I felt sorrow. Sorrow for all the people I know are out who there suffering. Sorrow for the hearts of young girls who don’t know that they’re worth dying for. Sorrow for the millions dying each day without having ever lived. Sorrow for the least of these.

I felt anger. Anger because we’re not doing anything about it. When the African Americans were fighting for equality, it was not enough for them to stand up. It took for them to scream. But when they did, they were heard. The young men, women and children trafficked into sexual slavery do not even have legs. They are hidden without a voice and without hope. They can’t fight. But I can stand. I can speak out. I can shout. I can scream. I can fight. And I don’t. I always say that I’d like to think that if I saw some injustice, I’d do something about it. If I saw somone hitting their wife or child, for instance, I’d step in and help that woman or child. But I know I wouldn’t. Because I see injustice every day, and I ignore it. 

I felt despair. Despair because sexual slavery is such a huge problem. Certainly too huge for one person to have an influence. But we’re all one person, and if each of us stood up and screamed for this injustice to stop, the problem wouldn’t seem so big. It is overwhelming, but it is not bigger then my God. And I have a responsibility to do something about it.

What will I actually do about it? That’s up to God, and my prayer is that He would show me. Because I can not ever say I did not know.

The heritage of the servants of the Lord

Beside me as a I talked on the phone was a nail, probably about 3 inches long, with the pointy half of it covered in red paint. And as I talked on the phone, I ignored it. I did not hyperventilate, I did not begin to stim, I did not silent scream. I just continued talking on the phone.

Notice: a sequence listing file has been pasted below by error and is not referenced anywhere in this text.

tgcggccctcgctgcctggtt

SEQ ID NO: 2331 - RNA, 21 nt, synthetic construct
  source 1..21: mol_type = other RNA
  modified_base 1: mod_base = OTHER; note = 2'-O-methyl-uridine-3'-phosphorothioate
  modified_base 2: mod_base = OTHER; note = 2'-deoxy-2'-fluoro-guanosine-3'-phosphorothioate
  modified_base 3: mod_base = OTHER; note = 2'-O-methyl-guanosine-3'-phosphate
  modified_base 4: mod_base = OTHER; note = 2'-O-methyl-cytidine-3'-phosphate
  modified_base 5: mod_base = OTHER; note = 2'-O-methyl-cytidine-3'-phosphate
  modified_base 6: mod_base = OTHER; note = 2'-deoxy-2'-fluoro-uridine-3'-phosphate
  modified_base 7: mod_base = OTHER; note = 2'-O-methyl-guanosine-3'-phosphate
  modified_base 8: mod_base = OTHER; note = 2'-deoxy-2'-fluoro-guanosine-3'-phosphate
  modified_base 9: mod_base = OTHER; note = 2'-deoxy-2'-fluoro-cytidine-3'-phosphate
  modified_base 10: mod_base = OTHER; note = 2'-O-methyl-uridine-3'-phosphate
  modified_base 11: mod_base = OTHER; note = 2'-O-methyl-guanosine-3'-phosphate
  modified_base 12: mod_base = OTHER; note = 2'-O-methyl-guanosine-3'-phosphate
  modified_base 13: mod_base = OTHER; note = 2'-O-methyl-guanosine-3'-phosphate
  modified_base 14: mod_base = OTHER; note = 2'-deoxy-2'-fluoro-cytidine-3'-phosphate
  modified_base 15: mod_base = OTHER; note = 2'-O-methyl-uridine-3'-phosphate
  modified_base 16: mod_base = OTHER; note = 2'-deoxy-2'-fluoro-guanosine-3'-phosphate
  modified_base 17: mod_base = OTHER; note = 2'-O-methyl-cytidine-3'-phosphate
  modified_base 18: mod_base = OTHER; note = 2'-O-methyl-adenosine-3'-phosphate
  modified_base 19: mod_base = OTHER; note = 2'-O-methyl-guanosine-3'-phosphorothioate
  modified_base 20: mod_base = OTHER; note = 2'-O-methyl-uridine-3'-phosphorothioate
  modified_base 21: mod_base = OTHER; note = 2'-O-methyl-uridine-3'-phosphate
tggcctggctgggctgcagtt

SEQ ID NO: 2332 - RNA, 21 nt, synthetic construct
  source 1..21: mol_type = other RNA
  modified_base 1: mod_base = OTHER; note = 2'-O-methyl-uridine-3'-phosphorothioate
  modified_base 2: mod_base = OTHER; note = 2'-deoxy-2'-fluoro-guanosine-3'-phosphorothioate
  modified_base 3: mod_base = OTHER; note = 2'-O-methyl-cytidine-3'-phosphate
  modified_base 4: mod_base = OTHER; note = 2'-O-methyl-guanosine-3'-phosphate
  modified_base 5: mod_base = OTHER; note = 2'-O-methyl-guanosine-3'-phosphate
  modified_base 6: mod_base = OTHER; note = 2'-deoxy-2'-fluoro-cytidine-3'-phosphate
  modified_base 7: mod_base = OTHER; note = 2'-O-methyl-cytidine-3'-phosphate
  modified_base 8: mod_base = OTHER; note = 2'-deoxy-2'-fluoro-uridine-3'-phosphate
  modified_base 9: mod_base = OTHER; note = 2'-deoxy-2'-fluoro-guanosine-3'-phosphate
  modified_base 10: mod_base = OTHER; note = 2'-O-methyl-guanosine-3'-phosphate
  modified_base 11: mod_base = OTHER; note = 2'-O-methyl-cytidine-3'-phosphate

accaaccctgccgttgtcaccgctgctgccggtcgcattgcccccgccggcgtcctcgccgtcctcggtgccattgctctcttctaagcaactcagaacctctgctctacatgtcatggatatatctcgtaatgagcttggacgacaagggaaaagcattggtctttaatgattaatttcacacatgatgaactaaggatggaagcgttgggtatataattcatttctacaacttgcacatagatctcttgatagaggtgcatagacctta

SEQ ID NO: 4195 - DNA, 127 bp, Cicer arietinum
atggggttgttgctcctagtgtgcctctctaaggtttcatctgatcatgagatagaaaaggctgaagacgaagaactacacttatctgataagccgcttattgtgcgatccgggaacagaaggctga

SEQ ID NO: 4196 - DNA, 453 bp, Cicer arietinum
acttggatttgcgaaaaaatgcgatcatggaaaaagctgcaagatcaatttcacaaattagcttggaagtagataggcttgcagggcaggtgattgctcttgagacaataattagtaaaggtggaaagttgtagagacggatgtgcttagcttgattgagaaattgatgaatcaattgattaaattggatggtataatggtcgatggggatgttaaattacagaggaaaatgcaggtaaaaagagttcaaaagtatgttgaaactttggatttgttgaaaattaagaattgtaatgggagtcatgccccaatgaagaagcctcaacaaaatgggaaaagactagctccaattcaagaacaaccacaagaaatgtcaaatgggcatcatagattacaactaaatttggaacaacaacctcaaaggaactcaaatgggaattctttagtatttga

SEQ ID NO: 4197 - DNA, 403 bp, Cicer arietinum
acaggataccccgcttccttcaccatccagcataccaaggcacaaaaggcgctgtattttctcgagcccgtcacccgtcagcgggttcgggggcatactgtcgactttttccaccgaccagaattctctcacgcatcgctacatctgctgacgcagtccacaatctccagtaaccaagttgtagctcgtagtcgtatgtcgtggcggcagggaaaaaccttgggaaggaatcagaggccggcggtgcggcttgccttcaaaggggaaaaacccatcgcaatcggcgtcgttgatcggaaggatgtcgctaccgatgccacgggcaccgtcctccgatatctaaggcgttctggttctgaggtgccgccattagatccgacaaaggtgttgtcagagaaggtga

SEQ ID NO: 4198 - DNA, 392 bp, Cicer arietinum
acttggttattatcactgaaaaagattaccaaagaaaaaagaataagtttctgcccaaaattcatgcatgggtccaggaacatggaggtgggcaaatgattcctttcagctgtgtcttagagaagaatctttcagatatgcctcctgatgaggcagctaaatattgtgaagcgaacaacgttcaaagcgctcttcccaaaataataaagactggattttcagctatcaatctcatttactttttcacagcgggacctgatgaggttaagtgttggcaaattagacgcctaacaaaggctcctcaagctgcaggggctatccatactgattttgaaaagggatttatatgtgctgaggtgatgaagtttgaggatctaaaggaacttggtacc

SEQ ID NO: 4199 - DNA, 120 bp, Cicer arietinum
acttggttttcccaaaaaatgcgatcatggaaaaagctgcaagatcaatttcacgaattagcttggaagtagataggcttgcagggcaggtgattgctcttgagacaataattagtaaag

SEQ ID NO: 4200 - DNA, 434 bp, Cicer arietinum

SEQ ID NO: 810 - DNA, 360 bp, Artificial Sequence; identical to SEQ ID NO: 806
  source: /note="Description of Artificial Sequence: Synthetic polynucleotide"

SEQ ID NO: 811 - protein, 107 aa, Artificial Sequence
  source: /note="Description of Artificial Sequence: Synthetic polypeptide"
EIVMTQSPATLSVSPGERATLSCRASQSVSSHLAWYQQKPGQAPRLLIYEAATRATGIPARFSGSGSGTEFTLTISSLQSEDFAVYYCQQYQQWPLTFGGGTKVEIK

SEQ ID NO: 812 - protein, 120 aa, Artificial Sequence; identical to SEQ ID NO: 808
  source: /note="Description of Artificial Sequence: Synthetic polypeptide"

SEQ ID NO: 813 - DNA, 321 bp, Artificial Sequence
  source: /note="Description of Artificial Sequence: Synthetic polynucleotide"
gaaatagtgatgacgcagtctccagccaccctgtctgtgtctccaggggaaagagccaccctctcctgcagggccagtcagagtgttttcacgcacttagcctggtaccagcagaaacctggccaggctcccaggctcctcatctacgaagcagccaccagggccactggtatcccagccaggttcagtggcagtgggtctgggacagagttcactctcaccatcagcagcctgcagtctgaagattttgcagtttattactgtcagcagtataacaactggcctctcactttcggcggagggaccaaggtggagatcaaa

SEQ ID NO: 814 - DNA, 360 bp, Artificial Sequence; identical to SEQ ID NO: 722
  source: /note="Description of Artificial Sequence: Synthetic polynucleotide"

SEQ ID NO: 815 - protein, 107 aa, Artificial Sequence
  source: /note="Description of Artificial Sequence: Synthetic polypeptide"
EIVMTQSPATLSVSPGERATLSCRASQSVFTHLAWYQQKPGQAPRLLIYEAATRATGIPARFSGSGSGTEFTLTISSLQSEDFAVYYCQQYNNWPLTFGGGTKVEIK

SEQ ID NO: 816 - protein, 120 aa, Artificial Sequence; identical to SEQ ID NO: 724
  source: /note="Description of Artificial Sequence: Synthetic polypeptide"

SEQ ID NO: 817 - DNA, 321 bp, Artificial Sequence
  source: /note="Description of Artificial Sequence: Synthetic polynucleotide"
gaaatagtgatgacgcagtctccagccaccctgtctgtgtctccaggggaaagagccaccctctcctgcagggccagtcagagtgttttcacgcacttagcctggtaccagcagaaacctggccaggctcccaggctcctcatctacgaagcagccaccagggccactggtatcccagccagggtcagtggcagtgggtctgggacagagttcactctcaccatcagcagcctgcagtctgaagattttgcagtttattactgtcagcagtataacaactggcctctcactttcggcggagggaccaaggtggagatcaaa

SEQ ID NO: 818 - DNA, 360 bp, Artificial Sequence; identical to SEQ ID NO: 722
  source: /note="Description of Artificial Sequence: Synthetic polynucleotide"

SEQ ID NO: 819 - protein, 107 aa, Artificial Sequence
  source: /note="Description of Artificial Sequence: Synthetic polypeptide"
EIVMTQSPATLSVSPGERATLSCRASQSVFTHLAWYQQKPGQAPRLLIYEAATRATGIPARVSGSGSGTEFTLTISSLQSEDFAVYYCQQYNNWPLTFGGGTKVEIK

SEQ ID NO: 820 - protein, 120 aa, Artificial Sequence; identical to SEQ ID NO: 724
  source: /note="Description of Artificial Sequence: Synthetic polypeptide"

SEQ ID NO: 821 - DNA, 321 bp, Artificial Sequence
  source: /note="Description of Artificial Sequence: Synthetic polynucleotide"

This would be a pretty normal thing for anyone else, but I don’t open windows. I’m scared of safety pins, and of leaving pens lying around. I have weeks where I can’t sleep because of the images I see when I close my eyes. A normal day will be shattered when I run past something sharp and realise I could have been hurt. To sit beside a nail, especially one covered in red paint like blood, and not have an adverse reaction was previously impossible for me, because I was phobic of eye injuries.

But with God, all things are possible, and I know that my phobia is gone. Because this afternoon, I got a message to say that an incredible woman I know was on the phone, and did I want to talk to her? I watched this woman pray healing into the life of a little girl traumatised by abuse at the hands of her mother. She’s already prayed healing over me, regarding another phobia I had – one of people touching my ears. So of course I wanted to talk to her.

I took the call in the property office, the only office where no one was, and she prayed for me. When went to the root, which stemmed so simply from having had a handful of sand smashed into my eye when I was 11, and handed it over to Jesus. I literally felt a tightness around my chest release. I had been set free from the bonds of this fear. And as we went on to talk about me getting married and her daughter going to uni, I noticed the nail. And so unimportant was it, that I didn’t even realise until afterwards that I’d seen it and not cared.

I am healed. I am set free. No weapon forged against me shall prevail. My God is stronger then the spirit of fear.

“No weapon forged against you will prevail,
       and you will refute every tongue that accuses you.
       This is the heritage of the servants of the Lord,
       and this is their vindication from Me,”
       declares the LORD
.
Isaiah 54:17

Someone like you

A woman born in South Africa is more likely to be raped then to learn how to read. A survey found that 60% of school children think that it is not violence to force someone you know to have sex. Damage from the rape of babies can be so severe that surgery is needed to rebuild even the respiratory system.